Now, logically one wouldn't be surprised to find cable companies setting CCI=0x02 -- blocking program saving to DVDs, etc. -- for special event programming, PPV, and perhaps even the HBO/Showtime class of premium channels.

What you might not expect to frequently find is cable company ad hoc CCI blocking of essentially all basic digital channels (other than over-the-air) totally on their own volition -- creating unfair recording capability variations around the country.

For example, Time Warner Cable is generally setting CCI=0x02, and blocking dumping of programs from DVRs, in this expansive manner. There's no evidence that all of these programs suppliers have demanded such an action. Many of these channels run Cable in the Classroom programming that is specifically licensed to be recorded, saved, and distributed in schools under various terms. CCI=0x02 can directly block such licensed use. Similarly, it seems unlikely that the various C-SPAN channels would demand blocking of program dump functions, yet Time Warner is routinely setting CCI=0x02 for some or all of these channels as well (which may often appear only on digital tiers) on many TW systems.

Since nothing requires TW to be taking this broad control freak approach to DRM on their digital channels, the most likely explanation would seem to be a CYA mentality run amok, subscribers' rights be damned.

Comcast, on the other hand, has reportedly been trending in the opposite direction, with their systems moving toward CCI=0x00 settings for most digital channels, allowing consumer program dumping and external saving.

Question: What possible valid reason can there be for cable subscribers of one company's systems to have vastly fewer recording rights for the same channels, compared with subscribers of another company's cable systems?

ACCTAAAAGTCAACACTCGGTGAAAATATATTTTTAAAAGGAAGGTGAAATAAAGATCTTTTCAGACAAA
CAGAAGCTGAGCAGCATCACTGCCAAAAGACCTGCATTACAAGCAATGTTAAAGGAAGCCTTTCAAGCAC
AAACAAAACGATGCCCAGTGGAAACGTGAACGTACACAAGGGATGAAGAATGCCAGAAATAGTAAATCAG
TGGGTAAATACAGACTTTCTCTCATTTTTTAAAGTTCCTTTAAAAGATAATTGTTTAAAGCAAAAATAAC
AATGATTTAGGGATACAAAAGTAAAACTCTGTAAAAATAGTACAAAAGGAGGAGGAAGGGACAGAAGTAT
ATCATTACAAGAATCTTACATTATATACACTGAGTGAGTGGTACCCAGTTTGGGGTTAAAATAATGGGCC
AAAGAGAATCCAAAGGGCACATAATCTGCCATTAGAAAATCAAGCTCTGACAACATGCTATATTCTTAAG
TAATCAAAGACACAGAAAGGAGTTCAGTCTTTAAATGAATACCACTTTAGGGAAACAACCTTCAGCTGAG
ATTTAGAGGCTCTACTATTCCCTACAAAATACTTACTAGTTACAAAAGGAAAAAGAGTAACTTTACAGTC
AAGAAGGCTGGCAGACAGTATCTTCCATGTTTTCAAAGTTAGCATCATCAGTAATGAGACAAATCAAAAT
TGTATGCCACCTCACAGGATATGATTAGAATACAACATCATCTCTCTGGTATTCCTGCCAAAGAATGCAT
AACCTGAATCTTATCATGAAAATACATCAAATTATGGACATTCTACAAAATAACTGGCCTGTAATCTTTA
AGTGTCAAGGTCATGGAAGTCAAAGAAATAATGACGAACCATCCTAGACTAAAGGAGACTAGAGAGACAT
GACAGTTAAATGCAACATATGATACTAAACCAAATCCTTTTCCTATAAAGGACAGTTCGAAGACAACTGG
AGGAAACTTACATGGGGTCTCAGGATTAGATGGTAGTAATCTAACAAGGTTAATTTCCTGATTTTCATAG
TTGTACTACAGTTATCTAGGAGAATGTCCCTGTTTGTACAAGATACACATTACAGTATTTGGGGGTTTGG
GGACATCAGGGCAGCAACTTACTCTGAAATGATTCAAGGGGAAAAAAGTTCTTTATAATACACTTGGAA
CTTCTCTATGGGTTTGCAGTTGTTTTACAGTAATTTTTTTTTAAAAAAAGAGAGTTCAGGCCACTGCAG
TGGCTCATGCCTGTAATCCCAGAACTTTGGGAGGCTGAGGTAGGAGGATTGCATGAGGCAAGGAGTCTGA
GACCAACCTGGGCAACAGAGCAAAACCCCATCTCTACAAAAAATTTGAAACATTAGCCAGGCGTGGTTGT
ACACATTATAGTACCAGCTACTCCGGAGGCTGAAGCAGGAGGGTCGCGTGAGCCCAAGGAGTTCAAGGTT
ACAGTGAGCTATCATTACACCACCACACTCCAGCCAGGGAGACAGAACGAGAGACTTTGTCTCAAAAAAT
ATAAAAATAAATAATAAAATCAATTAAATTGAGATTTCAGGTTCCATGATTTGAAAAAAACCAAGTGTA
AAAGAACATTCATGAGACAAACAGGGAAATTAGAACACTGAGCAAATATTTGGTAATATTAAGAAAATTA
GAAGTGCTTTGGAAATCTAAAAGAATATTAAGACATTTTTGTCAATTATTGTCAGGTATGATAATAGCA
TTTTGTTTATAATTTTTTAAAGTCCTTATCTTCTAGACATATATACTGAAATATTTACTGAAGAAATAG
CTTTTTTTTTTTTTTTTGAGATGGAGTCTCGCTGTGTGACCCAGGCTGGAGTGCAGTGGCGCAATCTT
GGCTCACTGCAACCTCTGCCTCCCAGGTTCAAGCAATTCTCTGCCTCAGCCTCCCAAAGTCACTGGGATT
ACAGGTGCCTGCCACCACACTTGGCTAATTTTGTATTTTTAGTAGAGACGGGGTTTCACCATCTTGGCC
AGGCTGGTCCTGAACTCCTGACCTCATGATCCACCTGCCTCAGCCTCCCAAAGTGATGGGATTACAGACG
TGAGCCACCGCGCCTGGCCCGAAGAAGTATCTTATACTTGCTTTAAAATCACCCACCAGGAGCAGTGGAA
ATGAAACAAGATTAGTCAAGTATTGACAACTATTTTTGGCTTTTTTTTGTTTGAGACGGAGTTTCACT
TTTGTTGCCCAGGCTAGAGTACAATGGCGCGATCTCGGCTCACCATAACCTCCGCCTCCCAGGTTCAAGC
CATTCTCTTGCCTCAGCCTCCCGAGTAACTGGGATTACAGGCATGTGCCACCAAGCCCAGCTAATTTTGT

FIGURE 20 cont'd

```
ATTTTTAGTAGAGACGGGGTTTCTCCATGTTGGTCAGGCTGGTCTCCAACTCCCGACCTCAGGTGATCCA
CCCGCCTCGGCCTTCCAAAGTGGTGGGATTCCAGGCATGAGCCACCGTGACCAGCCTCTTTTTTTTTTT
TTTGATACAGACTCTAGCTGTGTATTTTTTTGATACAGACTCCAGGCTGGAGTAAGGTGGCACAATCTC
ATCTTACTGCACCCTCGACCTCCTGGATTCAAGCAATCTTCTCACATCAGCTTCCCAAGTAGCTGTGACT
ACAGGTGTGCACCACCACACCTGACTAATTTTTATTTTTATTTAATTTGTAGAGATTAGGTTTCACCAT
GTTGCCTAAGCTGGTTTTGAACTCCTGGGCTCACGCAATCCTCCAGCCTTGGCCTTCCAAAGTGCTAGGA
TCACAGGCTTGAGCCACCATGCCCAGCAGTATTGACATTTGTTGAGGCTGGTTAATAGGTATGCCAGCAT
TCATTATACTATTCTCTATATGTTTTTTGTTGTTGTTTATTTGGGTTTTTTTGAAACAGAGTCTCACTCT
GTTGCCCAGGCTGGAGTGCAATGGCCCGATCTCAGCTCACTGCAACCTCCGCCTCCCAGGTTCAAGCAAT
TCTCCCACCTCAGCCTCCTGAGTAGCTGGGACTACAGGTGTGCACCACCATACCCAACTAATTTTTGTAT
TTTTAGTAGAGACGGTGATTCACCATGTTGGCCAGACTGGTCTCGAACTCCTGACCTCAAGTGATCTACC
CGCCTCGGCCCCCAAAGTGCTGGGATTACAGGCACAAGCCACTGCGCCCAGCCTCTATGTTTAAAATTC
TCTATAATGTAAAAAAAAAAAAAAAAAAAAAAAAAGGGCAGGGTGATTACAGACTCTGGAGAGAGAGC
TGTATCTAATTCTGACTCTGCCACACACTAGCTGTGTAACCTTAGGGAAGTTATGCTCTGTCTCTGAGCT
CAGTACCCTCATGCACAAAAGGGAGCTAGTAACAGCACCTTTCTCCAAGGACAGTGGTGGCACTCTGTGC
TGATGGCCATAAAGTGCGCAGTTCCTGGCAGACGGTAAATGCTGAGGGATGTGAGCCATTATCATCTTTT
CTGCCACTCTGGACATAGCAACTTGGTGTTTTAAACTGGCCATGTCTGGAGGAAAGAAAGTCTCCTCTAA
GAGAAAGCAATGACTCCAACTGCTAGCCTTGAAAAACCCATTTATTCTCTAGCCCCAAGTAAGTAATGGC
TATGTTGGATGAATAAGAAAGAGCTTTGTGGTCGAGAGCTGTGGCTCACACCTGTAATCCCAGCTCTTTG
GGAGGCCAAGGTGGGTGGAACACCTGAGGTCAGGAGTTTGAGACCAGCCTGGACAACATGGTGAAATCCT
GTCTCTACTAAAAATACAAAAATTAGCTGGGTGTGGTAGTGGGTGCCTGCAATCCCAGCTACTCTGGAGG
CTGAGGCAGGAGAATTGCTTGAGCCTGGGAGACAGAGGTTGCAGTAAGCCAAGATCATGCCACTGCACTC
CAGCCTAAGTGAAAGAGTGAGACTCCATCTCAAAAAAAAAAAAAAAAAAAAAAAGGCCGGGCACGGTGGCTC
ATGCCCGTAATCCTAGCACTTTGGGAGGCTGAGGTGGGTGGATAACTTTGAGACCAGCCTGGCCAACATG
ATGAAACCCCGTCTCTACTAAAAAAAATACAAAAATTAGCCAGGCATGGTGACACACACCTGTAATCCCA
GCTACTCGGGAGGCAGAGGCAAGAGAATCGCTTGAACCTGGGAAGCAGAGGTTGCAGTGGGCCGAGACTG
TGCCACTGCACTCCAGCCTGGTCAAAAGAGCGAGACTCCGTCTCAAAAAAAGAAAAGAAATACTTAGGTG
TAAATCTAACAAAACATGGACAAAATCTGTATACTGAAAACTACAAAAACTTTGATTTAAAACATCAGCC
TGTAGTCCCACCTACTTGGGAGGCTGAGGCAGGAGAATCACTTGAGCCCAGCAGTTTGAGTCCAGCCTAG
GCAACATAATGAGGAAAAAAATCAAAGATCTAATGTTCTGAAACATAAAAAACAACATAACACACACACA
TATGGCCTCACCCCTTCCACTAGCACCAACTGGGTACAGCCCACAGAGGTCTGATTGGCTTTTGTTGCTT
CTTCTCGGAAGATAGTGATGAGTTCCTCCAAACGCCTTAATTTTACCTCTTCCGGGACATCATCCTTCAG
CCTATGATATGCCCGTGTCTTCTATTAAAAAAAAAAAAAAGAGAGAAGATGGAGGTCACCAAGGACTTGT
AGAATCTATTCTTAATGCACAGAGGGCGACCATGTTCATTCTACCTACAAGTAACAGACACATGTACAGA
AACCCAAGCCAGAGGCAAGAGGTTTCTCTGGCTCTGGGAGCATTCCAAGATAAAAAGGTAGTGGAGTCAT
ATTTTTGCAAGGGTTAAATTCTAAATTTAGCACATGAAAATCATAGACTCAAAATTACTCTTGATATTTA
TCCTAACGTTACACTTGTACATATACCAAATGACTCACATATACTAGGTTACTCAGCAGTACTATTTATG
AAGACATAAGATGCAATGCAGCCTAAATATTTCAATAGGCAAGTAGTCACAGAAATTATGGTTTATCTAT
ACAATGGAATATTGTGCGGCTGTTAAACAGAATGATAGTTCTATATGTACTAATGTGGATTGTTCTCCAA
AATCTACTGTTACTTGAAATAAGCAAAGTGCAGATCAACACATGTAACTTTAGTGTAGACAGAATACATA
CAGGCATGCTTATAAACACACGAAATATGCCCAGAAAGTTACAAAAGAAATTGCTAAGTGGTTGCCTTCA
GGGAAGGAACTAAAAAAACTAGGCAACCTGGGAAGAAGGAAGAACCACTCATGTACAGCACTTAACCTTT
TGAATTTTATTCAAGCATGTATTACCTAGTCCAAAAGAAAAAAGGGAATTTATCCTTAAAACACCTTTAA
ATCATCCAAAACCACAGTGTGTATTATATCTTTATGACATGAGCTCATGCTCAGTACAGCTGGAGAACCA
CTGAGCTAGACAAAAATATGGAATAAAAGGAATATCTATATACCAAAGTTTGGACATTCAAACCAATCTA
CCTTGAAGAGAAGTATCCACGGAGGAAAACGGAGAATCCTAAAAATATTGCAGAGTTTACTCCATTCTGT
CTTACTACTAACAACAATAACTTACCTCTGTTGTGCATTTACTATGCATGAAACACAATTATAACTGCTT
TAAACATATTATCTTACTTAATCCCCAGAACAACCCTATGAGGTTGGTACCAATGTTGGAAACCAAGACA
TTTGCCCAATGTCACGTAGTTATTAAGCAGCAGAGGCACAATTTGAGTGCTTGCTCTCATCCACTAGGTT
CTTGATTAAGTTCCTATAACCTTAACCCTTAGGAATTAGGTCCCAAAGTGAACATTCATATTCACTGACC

Answer: There's no valid explanation for this disparity. It's wacky, wrong, and just plain unacceptable. And as more consumer devices affected by this craziness rapidly deploy in the marketplace, subscribers are going to go ballistic when they discover that the pricey boxes they've bought have key functionality cut off at the knees by cable company edict in many locations.

If the cable industry was smart, they'd collectively start reversing draconian CCI settings right now, and start universally treating their subscribers as individuals to be appreciated, not chattel to be abused. But absent such an enlightened approach from the industry as a whole, it's likely that we're going to have to make it clear to Congress that when it comes to this sort of DRM abuse (to paraphrase Howard Beale in the 1976 film Network): "We're as mad as hell and we're not going to take this anymore!" -- assuming that our cable companies don't try to block this too, of course.


Posted by Lauren at October 8, 2007 12:38 PM | Permalink